Establishing liability in a car accident is never cut and dry. Even when victims experience catastrophic injuries at the hands of negligent drivers, these wrongdoers and their insurance companies rarely accept liability. In some cases, car accident victims may be blamed for their own injuries and offered settlements that seem to low to adequately compensate the victim.
Under a little known legal concept known as “comparative negligence,” at-fault drivers and even the insurance companies meant to compensate victims may attempt to skirt their responsibilities. Victims attempting to recover for the damages should make an effort to understand this concept so they can fight back and get the compensation they need to be made whole again and move on with their lives.
Contributory negligence laws
Under the doctrine of contributory negligence, accident victims whose actions contribute in even the slightest bit to their injuries may be barred from recovering compensation in tort claims. Fortunately, California does not follow this legal principle. Only certain jurisdictions (Alabama, Maryland, North Carolina, Virginia, and Washington, D.C.) enforce contributory negligence statutes.
Comparative negligence laws
Under comparative negligence statutes, the role a victim’s own actions played in an accident may reduce or bar recovery of damages. Two different types of comparative negligence statutes exist: pure and modified.
- Pure comparative negligence: Damages are reduced proportionate to the role a plaintiff’s own negligence played in their injury. For example: in a case with a $10,000 settlement where courts determined the victim was 10 percent at fault, the award would be reduced by $1,000 to an award of $9,000.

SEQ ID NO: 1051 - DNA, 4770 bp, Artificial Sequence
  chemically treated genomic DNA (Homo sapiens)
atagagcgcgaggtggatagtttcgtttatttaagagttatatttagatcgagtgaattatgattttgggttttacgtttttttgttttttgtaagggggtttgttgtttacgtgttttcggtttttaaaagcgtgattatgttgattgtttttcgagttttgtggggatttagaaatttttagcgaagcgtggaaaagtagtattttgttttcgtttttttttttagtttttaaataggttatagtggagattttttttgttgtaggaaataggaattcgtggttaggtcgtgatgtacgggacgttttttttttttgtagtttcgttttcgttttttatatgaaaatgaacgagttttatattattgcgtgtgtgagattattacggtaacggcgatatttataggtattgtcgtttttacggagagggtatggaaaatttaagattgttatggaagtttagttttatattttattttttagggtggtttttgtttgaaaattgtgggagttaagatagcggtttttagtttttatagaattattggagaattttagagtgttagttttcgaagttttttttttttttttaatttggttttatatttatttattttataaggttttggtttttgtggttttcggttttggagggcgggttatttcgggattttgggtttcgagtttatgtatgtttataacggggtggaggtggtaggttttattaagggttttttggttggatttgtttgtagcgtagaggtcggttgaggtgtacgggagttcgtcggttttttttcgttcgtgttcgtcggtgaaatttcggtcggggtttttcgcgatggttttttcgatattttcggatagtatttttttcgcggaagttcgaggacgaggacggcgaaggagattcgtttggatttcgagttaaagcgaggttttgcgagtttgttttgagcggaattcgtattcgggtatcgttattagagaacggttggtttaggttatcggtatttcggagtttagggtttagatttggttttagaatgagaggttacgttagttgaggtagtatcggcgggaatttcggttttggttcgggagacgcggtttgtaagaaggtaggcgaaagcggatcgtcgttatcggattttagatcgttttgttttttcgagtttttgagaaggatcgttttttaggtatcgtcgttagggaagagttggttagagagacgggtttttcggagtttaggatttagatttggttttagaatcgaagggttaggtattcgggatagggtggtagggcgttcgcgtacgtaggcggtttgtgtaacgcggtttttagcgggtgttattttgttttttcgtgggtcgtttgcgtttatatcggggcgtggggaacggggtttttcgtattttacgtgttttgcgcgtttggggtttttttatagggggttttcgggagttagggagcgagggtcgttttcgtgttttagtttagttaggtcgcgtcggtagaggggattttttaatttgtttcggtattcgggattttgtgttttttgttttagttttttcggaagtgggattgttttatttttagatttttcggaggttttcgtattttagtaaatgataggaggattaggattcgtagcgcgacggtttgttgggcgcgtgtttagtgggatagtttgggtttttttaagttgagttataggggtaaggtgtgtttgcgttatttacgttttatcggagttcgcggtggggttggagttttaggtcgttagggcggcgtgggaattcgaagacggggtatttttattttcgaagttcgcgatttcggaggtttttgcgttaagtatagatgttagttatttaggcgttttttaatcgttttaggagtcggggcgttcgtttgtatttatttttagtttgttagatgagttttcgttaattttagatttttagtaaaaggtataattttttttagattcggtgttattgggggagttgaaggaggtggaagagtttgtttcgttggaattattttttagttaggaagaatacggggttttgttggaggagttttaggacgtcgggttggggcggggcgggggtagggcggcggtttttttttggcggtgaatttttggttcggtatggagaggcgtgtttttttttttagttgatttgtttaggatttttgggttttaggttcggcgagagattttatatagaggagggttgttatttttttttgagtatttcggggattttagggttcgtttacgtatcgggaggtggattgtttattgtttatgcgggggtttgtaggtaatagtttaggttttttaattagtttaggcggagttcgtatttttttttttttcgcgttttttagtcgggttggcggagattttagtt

- Modified comparative negligence: Plaintiffs determined to be 50 percent or more at fault may not recover damages in a civil lawsuit. Defendants may file motions before trial to assert this or courts may determine this when handing down a ruling.
California follows the legal principle of pure comparative fault which means even if accident victims are even 90 percent at fault in an auto accident, they may still recover damages. Insurance companies will often cite a victim’s own negligence when offering settlements in car accidents as a ploy to pay as little as possible.
Los Angeles auto accident attorneys
After an accident, it can be difficult to understand if you are getting the right offer from an insurance company. Claims processes are not always easy to handle and adjusters do not always take victims at their word. After all, insurance companies are really in the business of making money and not helping people.
Auto accident victims should strongly consider speaking to a qualified Los Angeles auto accident attorney from the very onset of their case to make sure they are taken seriously by defendants and their insurance companies. Attorneys can help make sure victims are compensated for their property damage, lost wages, medical bills, pain and suffering and other damages.
Attorneys also have the legal training and experience to mitigate allegations victims somehow played a role in their own accident and injuries. Contact a qualified Los Angeles auto accident attorney and get the compensation you need.